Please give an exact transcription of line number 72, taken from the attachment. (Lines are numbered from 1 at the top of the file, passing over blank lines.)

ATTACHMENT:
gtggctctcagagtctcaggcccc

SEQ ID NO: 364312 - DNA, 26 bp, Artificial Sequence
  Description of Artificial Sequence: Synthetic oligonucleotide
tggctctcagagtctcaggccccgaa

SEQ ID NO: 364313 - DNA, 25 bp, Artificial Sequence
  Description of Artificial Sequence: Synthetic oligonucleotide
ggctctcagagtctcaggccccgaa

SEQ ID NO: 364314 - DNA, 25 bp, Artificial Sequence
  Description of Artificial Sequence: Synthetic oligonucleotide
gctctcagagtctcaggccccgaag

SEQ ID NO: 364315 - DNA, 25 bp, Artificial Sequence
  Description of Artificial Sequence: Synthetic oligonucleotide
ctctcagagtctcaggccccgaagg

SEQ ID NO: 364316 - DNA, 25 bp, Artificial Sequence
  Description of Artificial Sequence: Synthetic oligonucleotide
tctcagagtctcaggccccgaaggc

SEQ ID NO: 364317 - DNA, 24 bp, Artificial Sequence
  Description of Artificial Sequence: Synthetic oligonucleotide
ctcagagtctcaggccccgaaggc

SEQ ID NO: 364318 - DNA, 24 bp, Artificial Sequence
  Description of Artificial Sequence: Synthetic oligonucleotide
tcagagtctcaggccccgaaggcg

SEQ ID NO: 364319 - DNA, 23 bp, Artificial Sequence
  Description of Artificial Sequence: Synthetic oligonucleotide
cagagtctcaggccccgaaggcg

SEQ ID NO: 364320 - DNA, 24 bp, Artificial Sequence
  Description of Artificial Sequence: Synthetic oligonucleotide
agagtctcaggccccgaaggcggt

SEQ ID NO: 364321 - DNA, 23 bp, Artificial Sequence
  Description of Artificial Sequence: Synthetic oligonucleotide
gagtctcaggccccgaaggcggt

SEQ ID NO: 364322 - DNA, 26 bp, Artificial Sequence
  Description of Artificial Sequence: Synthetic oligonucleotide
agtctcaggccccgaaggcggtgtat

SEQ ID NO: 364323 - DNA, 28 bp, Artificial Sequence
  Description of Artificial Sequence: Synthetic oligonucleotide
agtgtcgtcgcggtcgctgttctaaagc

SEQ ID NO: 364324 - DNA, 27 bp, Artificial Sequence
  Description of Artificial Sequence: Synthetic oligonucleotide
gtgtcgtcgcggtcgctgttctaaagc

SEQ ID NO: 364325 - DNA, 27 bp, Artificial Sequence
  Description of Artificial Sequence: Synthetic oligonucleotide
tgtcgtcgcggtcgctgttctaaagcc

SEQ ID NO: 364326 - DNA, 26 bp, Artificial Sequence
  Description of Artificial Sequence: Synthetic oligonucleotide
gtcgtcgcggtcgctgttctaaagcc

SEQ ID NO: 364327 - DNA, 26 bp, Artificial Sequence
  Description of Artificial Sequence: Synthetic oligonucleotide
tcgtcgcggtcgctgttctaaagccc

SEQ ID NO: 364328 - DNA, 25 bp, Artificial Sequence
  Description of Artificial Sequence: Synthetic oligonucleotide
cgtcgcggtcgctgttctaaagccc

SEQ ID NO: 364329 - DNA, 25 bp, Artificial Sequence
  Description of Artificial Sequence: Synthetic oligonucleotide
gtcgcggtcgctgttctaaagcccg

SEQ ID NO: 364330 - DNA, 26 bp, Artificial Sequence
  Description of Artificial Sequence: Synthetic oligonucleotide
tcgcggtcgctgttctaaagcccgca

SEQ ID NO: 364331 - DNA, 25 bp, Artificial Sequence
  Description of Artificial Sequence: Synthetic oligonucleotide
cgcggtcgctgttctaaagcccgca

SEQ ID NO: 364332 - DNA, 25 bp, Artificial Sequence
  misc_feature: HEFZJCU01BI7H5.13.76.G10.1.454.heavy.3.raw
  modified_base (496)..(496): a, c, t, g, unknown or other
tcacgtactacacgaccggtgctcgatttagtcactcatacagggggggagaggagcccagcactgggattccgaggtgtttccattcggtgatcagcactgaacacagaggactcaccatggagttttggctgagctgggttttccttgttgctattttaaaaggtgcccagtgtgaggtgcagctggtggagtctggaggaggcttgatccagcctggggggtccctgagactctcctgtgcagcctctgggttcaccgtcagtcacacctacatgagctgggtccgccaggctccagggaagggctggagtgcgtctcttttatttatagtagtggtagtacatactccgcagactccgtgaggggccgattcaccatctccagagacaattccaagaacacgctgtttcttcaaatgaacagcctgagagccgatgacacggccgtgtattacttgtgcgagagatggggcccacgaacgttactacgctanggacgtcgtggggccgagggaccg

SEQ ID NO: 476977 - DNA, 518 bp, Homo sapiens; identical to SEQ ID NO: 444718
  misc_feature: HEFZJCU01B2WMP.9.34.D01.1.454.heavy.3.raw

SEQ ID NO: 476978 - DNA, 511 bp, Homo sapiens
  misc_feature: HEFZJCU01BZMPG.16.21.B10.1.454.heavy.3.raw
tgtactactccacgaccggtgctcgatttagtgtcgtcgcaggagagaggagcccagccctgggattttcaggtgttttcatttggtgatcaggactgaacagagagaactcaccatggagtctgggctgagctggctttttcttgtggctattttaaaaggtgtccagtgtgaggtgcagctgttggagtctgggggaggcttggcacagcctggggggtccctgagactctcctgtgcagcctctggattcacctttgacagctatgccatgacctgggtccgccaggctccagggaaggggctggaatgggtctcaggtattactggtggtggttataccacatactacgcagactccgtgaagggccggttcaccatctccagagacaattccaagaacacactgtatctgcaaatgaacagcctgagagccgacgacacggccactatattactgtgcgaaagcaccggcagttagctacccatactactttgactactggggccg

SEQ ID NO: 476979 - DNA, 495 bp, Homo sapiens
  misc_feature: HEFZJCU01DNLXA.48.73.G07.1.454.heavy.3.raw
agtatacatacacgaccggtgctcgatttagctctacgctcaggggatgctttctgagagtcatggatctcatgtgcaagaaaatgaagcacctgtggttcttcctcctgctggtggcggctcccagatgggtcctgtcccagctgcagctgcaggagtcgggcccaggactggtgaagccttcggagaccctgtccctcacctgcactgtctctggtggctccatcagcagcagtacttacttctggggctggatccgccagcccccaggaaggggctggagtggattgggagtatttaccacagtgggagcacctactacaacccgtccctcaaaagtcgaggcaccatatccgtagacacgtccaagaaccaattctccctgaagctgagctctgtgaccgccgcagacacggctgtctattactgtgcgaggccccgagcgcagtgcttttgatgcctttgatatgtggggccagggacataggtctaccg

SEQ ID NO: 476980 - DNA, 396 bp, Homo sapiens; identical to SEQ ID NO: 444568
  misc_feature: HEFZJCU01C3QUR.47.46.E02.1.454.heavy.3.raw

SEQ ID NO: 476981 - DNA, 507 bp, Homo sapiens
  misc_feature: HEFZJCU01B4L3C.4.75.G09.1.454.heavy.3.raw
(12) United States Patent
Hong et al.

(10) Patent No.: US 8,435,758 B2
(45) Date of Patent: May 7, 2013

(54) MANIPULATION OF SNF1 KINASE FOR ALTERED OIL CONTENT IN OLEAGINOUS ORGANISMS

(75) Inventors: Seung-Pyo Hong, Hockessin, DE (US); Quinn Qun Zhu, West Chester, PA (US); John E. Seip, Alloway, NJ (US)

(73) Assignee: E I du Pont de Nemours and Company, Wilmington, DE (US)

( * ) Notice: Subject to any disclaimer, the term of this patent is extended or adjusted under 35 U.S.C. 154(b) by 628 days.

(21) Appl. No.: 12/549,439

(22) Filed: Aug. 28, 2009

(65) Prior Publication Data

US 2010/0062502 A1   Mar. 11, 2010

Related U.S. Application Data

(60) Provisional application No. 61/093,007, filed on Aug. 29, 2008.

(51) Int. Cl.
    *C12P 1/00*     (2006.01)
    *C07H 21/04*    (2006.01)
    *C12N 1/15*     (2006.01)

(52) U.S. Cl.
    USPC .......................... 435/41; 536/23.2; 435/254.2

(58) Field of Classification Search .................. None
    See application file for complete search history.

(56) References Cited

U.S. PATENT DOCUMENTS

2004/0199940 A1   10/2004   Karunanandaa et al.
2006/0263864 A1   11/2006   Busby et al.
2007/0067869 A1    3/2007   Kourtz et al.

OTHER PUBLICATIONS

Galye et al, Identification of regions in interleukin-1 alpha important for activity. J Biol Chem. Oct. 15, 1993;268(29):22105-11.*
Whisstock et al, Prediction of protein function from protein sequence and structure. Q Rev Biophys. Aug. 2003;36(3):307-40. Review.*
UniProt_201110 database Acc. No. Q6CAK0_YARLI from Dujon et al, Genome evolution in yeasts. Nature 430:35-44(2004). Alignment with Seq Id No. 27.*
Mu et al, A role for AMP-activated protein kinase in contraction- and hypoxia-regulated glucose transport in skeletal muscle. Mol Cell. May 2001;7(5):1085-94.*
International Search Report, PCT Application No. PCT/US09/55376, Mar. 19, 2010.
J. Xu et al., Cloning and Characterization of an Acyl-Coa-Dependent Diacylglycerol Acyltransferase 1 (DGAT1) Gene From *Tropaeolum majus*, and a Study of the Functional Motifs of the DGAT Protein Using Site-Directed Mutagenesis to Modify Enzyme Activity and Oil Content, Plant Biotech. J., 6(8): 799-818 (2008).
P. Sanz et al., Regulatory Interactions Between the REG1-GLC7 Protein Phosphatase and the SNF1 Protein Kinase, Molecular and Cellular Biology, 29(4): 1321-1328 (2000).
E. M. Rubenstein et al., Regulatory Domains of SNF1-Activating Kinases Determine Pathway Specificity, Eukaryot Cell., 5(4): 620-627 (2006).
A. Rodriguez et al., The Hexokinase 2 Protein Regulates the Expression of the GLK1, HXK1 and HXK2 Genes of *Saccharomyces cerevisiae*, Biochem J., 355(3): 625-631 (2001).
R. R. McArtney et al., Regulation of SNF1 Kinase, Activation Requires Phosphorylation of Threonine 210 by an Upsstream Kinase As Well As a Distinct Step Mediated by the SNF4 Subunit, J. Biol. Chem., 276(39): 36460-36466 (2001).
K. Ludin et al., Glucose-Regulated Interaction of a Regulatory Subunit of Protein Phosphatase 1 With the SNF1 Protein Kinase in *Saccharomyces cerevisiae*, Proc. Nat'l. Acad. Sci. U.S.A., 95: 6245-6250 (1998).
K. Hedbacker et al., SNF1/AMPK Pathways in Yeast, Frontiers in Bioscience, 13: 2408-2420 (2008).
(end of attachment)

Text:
  misc_feature: HEFZJCU01DNLXA.48.73.G07.1.454.heavy.3.raw